JT: One of my favorite records this past year was The Firewatcher’s Daughter by Brandi Carlisle. She’s been slaving away for over a decade, and you can hear her story coming to life in this record. I don’t know everything about her, but that’s the great thing about music. Although we are disconnected people, we connect through these songs. Her words from her story find me in my story, and somehow, we are connected in that. Man, isn’t that something?

I love how the record opens up: “I think it’s time we found a way back home / You lose so many things you love as you grow / I missed the days when I was a kid / My fear became my shadow, I swear it did.”

John Tibbs, Dead Man Walking, CCM Magazine - image

Full-length “Dead Man Walking” follow up to 2015’s EP of the same title

CCM: You worked with Ben Shive (Ellie Holcomb, Rend Collective) on the new album. What did he bring to the music that wasn’t already there?
JT: It was truly an honor to work with Ben on this record. He is the most genuine, humble, talented, and hard-working producer I’ve ever met. He showed up every single day ready to do whatever to make this music great. Ben is a wonderful listener and I felt like he was able to see these songs from the outside and bring a fresh perspective. If you listen to his work—Colony House, Ellie Holcomb, Dave Barnes—they are all wildly different, but they’re all true and unique to the artist. I really enjoyed working with him, and cannot wait to do it again.

CCM: On the worship side of things, when you’re in that setting, what’s the best advice you’ve been given about being a leader in that space?
JT:
I think it was when I was encouraged to be myself, rather than focusing on being this amazing leader that was always going before people. The pressure of being ‘all things to all people’ was suffocating. I found that when I was true to myself, I helped create an environment for people to feel comfortable with who they were in church. That really went a long way. I found that some of the best moments of worship would be after a song I’d say, “Let’s pray,” and then just step back from the mic, and we’d all tell God what was on our own mind and heart in that moment.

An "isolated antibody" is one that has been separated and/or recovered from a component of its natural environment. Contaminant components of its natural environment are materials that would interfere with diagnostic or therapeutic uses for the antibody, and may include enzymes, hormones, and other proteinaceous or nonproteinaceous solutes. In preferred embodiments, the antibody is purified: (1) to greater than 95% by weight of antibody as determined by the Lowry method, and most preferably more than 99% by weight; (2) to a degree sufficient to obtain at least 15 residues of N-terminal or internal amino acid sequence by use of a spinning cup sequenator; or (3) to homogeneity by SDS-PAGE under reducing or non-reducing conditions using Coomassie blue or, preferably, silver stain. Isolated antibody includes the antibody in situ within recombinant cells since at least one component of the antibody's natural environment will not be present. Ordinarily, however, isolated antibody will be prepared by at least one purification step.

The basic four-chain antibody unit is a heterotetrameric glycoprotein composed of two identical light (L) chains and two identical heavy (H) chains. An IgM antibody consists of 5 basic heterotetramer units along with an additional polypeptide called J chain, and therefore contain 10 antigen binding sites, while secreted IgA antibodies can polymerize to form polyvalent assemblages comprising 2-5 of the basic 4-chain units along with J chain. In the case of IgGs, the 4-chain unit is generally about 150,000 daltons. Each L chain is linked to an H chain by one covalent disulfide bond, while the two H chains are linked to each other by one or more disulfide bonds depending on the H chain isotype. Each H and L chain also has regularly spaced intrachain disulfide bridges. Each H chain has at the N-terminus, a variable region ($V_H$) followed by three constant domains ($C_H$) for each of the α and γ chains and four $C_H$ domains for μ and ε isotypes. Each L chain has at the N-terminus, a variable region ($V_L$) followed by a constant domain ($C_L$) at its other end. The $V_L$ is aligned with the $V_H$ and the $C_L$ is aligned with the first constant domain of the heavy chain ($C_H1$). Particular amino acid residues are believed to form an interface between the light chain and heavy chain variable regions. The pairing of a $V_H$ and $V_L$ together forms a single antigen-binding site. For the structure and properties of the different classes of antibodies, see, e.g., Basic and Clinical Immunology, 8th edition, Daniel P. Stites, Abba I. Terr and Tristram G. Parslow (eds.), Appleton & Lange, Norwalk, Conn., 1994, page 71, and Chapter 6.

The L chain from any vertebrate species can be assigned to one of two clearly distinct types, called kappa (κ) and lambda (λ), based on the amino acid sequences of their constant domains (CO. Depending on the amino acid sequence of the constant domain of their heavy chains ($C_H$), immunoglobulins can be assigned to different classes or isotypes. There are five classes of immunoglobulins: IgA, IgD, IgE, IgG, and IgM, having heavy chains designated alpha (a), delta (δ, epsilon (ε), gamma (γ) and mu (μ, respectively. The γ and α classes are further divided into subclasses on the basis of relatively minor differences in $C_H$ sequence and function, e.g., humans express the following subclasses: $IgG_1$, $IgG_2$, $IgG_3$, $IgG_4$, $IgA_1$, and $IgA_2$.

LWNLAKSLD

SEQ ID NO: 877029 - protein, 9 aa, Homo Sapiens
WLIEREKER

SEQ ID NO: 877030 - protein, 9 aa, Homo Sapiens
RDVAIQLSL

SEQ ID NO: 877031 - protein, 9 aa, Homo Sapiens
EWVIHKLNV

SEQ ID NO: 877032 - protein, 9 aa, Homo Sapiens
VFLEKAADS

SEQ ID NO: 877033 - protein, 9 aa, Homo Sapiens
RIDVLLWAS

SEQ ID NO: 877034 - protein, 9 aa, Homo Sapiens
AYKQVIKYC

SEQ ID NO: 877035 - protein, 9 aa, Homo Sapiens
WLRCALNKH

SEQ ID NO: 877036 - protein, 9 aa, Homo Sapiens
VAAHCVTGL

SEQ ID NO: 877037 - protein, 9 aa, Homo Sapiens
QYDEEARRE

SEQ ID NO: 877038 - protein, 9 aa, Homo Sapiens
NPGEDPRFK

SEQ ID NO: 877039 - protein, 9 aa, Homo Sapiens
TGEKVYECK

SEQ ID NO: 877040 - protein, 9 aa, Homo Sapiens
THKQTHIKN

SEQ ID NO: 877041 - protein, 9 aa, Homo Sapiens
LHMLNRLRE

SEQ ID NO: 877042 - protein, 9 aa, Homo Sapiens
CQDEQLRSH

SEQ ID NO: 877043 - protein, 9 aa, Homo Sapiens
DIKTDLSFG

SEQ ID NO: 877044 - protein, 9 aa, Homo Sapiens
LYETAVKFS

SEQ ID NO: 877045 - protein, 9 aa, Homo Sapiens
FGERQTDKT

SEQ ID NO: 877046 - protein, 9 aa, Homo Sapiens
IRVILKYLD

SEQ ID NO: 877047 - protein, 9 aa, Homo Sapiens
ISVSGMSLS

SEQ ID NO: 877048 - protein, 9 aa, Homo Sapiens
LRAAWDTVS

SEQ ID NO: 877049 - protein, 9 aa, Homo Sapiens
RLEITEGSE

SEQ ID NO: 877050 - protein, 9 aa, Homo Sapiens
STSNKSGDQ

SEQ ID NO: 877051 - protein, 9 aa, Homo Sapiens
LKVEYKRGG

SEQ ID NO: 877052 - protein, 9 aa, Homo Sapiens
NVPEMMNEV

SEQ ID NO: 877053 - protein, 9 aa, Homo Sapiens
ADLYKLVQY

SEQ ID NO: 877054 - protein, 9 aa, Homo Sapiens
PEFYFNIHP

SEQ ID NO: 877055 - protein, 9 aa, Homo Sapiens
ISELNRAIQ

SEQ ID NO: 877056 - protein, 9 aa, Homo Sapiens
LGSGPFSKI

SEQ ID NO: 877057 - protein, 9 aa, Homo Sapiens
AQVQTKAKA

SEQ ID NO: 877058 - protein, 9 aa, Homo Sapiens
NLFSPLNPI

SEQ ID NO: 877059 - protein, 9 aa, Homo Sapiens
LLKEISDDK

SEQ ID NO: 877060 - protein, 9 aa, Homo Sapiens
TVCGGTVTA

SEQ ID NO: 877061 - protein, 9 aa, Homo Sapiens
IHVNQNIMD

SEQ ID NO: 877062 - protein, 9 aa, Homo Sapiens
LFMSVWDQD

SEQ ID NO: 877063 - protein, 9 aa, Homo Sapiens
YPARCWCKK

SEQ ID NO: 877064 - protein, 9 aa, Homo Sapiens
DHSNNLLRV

CCM: You’re hitting the road with Matt Maher this spring. What are you most looking forward to with the pairing?
JT: There aren’t too many people I respect out there as much as Matt Maher. I think he’s been one of the most consistent artists in CCM for the last decade. And his latest record Saints & Sinners is a wonderful piece. On top of that, he’s a very genuine person. I’m honored to support him this spring. Personally, I’m really excited because on this tour I’ll have the opportunity to have his band back me on a few songs. That’s a first for me; I’m used to opening up solo. That is going to be a lot of fun!

CCM: Beyond what we’ve discussed, what’s one thing you want readers to know about you and your music?
JT: I think I’d love for people to know that they can always reach me. One of my favorite parts of what I do is meeting so many people. I guess I’d say that I will always reply—whether it be an email or a Facebook message. I’m blessed to be able to make music for a living, and I couldn’t do it without the support such kind people I’ve met along the way. I don’t consider myself to have any fans, rather many friends.